Logo cin2003

Discussion Board

Paneles de Discussión

Paneais de Discussio

Free Papers

Comunicaciones libres

Comunicaçoes livres

Home cin2003

Volver al Inicio cin2003

Voltar ao inicio cin2003


Alberto Ortiz, MD, PhD

Associate Chief of Nephrology. Unidad de Diálisis.
Fundación Jiménez Díaz, Universidad Autónoma de Madrid y Grupo de Estudios Peritoneales de Madrid del Instituto Reina Sofia de Investigaciones Nefrológicas. Madrid. España


Peritoneal dialysis (PD) is a safe and effective form of renal replacement therapy. However, there are complications that limit long-term technique survival. Among them we find peritonitis and peritoneal fibrosis. Both disorders are characterized by changes in cell number.

During acute peritonitis, there are sudden changes in peritoneal fluid cell number, as well as loss of mesothelial cells. Peritoneal fibrosis is characterized by loss of mesothelium, and increased number of fibroblasts and peritoneal vessels. Tissue cell number is carefully regulated through the balance between cell birth (mitosis) and cell death, with occasional participation of cell migration or cell transdifferentiation (Fig. 1)1,2. An imbalance between these processes can result in disorders of cell number characterized by an excessive (e.g. neoplasia or peritoneal neovascularization) or insufficient cell number (e.g. neurodegenerative diseases or peritoneal demesothelization).

Apoptotic cell death is one of the key processes that regulate cell number. There is evidence that apoptosis participates in peritoneal injury. Stimuli that induce peritoneal cell apoptosis also induce peritoneal injury in vivo, apoptosis has been observed during peritoneal disease, the expression and/or activity of apoptosis modulatory molecules changes in the course of peritoneal disease and therapeutic maneuvers that target apoptosis improved the evolution of al least one complications of PD: peritonitis3.

Thus, understanding the contribution of apoptosis to peritoneal injury offers the opportunity to decrease the negative influence of the complications of the technique.

Apoptosis is an active mode of cell death (cell suicide) under molecular control1. Apoptosis is characterized by morphological and functional changes (Fig 2).

Apoptosis is an essential process to remove unwanted and harmful cells and to maintain homeostasis of cell number. Teleologically apoptosis is an organized dismantling of cellular structures de×ed to limit tissue damage, while necrosis is an accidental cell death. The intensity of the lethal stimulus, the availability of ATP (energy) or the inactivation of caspases may determine whether the cell dies through apoptosis or necrosis1.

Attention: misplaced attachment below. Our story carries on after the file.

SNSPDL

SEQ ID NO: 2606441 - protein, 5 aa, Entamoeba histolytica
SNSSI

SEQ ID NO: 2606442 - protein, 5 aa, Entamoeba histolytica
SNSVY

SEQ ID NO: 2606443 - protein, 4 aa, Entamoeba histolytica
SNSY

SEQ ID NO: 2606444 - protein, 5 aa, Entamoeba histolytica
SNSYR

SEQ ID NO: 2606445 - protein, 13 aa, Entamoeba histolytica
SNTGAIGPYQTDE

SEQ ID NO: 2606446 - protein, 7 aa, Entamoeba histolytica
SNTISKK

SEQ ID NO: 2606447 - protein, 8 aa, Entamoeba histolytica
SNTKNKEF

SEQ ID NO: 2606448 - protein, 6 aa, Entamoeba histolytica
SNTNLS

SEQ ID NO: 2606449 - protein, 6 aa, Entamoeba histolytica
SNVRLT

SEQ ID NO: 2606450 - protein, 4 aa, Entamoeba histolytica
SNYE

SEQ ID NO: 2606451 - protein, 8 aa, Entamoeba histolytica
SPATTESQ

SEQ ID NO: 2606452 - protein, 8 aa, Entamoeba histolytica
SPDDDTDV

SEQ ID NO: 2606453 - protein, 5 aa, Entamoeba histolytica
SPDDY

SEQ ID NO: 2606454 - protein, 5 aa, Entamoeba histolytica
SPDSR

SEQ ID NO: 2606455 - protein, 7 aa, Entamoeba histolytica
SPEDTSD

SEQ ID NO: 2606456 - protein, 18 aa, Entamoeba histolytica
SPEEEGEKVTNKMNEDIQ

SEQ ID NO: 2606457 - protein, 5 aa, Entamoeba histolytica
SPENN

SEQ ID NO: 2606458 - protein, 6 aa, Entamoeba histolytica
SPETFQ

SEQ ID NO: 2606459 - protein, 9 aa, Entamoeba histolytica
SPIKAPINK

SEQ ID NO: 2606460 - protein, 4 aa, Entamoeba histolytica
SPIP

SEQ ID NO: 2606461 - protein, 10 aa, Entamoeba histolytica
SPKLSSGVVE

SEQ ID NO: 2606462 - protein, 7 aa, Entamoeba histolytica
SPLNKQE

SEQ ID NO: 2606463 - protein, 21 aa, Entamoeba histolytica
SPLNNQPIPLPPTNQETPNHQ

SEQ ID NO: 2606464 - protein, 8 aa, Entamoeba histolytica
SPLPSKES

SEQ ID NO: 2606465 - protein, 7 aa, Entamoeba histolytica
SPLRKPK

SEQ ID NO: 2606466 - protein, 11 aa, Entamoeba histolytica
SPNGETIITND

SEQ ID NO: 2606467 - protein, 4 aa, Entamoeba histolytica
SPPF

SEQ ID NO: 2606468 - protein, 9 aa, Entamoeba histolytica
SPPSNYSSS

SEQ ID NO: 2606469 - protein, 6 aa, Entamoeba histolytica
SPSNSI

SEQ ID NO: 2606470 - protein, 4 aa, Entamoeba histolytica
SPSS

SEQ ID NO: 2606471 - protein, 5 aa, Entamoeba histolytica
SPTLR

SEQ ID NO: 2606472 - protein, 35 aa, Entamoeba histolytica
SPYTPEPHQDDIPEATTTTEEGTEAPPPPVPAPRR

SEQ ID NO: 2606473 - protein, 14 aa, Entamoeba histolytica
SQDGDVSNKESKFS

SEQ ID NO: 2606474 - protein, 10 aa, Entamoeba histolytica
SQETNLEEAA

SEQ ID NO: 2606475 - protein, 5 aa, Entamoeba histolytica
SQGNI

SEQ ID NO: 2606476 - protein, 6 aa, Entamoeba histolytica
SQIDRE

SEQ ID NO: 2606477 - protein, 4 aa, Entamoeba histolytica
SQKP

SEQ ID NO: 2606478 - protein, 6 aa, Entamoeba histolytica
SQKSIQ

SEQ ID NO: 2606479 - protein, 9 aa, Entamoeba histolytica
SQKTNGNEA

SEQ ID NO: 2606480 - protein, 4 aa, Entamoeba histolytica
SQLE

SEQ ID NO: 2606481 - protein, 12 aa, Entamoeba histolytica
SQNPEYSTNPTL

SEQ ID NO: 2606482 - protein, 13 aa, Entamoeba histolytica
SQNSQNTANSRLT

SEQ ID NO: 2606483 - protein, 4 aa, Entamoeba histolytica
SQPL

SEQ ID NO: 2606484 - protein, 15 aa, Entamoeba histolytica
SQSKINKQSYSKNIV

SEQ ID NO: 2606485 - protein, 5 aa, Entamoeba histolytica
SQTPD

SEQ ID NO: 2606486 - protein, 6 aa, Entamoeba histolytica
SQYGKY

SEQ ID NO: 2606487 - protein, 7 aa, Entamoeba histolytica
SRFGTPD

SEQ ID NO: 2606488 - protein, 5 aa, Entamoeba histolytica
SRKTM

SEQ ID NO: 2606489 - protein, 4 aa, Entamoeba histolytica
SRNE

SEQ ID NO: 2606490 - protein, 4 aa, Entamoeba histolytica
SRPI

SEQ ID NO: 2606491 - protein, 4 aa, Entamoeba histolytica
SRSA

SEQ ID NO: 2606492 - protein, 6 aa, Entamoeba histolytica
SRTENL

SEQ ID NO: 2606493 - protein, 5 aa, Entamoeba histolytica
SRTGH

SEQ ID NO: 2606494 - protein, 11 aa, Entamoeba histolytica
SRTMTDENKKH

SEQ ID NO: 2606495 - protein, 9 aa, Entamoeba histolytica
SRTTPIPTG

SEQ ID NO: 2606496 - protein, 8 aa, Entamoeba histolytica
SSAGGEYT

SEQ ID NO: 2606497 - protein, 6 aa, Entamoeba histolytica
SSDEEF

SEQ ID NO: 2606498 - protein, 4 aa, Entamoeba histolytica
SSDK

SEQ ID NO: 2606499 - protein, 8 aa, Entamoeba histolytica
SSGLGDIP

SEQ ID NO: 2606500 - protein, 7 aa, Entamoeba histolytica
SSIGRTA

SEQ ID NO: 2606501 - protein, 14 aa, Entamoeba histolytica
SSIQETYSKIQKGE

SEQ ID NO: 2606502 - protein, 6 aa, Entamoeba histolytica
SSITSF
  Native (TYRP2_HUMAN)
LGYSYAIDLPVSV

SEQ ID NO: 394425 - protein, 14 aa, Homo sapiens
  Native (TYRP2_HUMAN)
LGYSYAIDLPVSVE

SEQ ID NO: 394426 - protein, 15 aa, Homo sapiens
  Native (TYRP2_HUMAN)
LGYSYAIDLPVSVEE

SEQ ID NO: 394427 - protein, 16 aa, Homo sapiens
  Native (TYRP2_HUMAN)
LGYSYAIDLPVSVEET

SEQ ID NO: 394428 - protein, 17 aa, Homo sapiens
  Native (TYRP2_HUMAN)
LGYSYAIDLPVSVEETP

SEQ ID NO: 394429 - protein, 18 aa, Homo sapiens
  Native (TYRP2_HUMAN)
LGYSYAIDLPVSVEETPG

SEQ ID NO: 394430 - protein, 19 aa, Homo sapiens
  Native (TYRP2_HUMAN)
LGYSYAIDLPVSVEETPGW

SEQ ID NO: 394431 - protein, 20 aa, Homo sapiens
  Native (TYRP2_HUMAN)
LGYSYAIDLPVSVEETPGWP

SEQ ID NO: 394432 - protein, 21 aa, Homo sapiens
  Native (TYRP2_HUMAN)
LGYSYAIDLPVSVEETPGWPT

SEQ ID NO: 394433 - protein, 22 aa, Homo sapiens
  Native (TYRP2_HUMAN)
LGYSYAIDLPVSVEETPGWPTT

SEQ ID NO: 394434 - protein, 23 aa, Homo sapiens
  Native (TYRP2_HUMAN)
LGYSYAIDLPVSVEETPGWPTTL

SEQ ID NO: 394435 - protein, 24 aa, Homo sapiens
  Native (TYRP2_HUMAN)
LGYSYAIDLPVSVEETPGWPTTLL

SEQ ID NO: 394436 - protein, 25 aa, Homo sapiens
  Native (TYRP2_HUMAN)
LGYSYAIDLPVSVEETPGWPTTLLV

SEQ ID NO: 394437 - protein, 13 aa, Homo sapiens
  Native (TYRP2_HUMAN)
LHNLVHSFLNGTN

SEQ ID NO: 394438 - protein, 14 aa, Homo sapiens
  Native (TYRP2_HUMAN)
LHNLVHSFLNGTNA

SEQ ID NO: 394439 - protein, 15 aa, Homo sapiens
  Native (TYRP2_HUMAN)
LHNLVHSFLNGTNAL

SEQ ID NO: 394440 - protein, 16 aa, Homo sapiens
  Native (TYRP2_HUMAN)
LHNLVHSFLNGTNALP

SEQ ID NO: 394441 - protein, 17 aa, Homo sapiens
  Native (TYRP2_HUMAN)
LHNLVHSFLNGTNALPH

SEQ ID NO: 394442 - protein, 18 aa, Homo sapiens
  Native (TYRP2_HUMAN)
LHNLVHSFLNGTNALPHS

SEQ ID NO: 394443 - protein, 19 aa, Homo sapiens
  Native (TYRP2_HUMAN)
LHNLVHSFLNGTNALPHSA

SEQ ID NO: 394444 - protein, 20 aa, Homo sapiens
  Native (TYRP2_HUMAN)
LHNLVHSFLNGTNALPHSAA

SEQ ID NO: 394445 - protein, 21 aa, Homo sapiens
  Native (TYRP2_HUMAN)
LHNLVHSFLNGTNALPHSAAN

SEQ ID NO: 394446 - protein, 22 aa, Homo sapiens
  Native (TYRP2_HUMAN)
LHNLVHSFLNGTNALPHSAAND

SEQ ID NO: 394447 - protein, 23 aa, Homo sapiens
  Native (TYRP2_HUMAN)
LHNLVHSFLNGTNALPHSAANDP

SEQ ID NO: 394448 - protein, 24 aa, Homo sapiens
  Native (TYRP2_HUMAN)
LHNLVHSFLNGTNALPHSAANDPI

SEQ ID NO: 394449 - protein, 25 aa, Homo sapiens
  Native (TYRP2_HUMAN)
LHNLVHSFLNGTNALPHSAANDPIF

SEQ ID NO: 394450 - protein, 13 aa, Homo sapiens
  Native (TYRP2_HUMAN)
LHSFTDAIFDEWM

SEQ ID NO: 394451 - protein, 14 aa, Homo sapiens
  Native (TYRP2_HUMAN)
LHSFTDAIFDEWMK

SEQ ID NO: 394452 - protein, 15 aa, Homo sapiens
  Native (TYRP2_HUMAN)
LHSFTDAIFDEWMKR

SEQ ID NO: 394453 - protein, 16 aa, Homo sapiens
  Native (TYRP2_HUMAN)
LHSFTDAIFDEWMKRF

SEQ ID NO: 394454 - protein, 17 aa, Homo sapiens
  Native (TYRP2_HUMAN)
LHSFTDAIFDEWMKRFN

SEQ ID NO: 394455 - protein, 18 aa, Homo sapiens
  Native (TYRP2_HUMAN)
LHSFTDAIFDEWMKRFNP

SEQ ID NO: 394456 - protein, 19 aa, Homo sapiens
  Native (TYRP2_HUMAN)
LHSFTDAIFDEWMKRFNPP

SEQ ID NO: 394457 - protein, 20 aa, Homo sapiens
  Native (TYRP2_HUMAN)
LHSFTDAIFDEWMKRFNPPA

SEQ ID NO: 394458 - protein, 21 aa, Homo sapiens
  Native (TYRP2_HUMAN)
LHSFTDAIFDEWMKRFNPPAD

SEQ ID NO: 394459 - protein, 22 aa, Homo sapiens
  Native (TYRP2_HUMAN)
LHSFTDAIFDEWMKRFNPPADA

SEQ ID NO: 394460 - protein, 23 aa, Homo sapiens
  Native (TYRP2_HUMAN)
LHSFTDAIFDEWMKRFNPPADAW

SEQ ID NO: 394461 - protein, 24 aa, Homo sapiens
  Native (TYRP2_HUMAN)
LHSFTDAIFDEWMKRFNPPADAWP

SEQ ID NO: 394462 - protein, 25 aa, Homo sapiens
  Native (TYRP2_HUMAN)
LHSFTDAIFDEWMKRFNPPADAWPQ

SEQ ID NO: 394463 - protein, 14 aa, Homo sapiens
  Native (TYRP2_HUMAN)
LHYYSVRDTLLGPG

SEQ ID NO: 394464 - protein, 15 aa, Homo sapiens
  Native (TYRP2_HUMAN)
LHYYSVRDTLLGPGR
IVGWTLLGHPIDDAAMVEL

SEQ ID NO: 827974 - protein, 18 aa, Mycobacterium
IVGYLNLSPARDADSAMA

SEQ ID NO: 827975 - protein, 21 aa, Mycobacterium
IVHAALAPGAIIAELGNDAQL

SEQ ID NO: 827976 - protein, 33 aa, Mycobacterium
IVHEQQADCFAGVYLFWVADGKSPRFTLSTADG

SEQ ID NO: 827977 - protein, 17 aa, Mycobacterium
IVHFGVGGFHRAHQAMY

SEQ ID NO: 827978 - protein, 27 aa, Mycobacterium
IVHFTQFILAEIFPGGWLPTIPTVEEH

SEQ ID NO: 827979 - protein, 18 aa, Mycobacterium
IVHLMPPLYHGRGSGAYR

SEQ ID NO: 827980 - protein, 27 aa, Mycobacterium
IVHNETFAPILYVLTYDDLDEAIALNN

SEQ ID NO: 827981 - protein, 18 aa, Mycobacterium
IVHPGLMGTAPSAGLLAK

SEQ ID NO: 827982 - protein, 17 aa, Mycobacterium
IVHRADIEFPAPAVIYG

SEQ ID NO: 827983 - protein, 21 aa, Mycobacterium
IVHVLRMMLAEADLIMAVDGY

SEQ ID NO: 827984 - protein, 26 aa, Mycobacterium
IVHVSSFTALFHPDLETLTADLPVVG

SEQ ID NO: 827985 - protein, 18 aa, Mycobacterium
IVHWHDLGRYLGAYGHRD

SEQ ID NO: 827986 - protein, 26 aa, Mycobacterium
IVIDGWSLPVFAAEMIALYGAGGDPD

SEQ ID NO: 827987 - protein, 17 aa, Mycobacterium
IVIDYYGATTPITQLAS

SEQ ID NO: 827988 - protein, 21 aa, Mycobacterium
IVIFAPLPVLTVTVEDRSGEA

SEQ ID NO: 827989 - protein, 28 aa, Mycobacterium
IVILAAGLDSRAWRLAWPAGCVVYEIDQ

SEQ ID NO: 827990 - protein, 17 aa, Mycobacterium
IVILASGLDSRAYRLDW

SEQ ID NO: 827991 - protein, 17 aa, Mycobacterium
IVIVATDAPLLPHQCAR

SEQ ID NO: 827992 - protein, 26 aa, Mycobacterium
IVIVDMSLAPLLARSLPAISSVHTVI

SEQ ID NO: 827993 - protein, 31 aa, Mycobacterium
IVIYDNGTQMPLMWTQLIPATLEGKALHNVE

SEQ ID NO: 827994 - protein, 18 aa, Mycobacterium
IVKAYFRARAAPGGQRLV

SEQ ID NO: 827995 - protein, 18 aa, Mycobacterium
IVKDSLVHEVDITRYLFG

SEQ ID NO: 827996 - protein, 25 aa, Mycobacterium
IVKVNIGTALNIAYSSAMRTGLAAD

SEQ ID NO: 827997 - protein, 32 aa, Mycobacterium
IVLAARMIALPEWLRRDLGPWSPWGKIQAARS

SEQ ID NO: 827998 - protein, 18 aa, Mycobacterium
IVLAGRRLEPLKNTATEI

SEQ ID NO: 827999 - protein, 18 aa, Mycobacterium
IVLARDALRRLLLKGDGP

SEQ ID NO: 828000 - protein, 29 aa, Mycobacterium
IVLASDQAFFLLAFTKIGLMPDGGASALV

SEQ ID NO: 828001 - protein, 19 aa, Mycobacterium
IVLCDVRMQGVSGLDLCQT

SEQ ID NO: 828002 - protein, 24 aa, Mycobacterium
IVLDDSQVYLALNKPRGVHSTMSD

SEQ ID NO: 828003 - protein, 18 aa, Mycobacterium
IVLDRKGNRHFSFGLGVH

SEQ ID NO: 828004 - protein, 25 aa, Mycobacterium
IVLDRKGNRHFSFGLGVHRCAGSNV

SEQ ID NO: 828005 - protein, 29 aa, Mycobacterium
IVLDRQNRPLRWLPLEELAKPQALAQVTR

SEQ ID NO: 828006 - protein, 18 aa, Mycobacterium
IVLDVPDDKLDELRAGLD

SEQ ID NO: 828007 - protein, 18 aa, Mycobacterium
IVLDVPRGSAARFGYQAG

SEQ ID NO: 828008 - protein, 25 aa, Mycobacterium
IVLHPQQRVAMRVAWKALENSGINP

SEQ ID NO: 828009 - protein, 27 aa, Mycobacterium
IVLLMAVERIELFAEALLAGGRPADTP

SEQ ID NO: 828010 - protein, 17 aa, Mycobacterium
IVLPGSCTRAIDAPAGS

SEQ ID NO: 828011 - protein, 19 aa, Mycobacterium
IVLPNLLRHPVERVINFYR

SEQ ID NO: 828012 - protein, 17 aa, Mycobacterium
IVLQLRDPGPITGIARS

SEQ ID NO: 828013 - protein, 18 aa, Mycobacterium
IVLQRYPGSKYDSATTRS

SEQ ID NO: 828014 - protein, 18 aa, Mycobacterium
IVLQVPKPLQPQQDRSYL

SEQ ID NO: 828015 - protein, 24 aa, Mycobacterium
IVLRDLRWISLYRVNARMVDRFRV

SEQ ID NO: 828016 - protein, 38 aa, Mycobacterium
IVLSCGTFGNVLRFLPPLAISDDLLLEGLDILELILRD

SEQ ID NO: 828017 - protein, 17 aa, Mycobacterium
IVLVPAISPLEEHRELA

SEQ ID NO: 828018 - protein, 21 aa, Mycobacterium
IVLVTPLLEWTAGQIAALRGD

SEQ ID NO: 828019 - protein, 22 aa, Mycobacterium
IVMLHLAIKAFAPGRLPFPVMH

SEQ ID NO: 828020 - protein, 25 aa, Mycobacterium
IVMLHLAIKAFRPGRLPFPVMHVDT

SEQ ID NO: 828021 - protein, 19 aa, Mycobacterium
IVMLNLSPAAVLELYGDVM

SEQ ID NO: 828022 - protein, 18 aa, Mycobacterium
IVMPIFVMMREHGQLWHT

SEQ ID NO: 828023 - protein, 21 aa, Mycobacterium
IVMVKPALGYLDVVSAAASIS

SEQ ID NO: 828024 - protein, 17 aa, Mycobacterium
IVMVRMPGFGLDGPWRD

Tissues depend on well-ordered apoptosis and cell replacement for normal functioning. However, excessive, insufficient or untimely apoptosis may result in pathology. For this reason any therapeutic measure that interferes with apoptosis should be targeted as narrowly as possible to a single cell population.

The de× of appropriate therapeutic strategies requires a correct understanding of the role of apoptosis in peritoneal injury and of the molecular regulation of peritoneal cell apoptosis.

Cell death is usually a response to the cell microenvironment. The absence of certain factors (survival factors) or the presence of lethal factors promotes apoptosis. Surrounding cells synthesize survival or lethal factors or compete for such factors. A lethal cell microenvironment activates intracellular factors that promote apoptosis and/or inactivate intracellular survival factors. Known intracellular activators of apoptosis include death receptors, proapoptotic members of the Bcl2 family, endoplasmic reticulum stress and mitochondrial injury (Fig. 3). Caspases are a family of intracellular proteases that include both activators and effectors of apoptosis.

Cell death through apoptosis has been documented in the course of peritoneal injury both in animal models and in clinical PD4-8. In addition, changes in the expression or activity of apoptosis regulatory factors have been observed in cultured peritoneal cells and in vivo peritoneal injury3.

However, few studies have addressed the role of apoptosis in PD by directly modulating its occurrence4. From information gathered in other tissue systems, different roles for apoptosis in peritoneal pathophysiology can be envisioned that depend on the cell type undergoing apoptosis and the amount and timing of apoptosis (Table 1). Apoptosis could be a cause of peritoneal damage, a mode of restoring normal tissue structure and a mechanism for persistence and progression of peritoneal injury.

Apoptosis may be beneficial if it occurs as a compensatory response to cellular proliferation or as a mode of eliminating irreversibly damaged cells. For example, apoptosis could contribute to resolution of fibrosis by eliminating excess fibroblasts, as demonstrated in the skin following the acute phase of scarring9, or could limit neovascularization10.

Under these circumstances, promotion of apoptosis in certain cell types might protect from chronic peritoneal changes associates with peritoneal dysfunction, such as fibrosis and increased vascularization. By contrast, induction of apoptosis by either exogenous factors, such as PD solutions, or endogenous mediators, could contribute to demesothelization both in the setting of acute peritonitis or chronic PD3.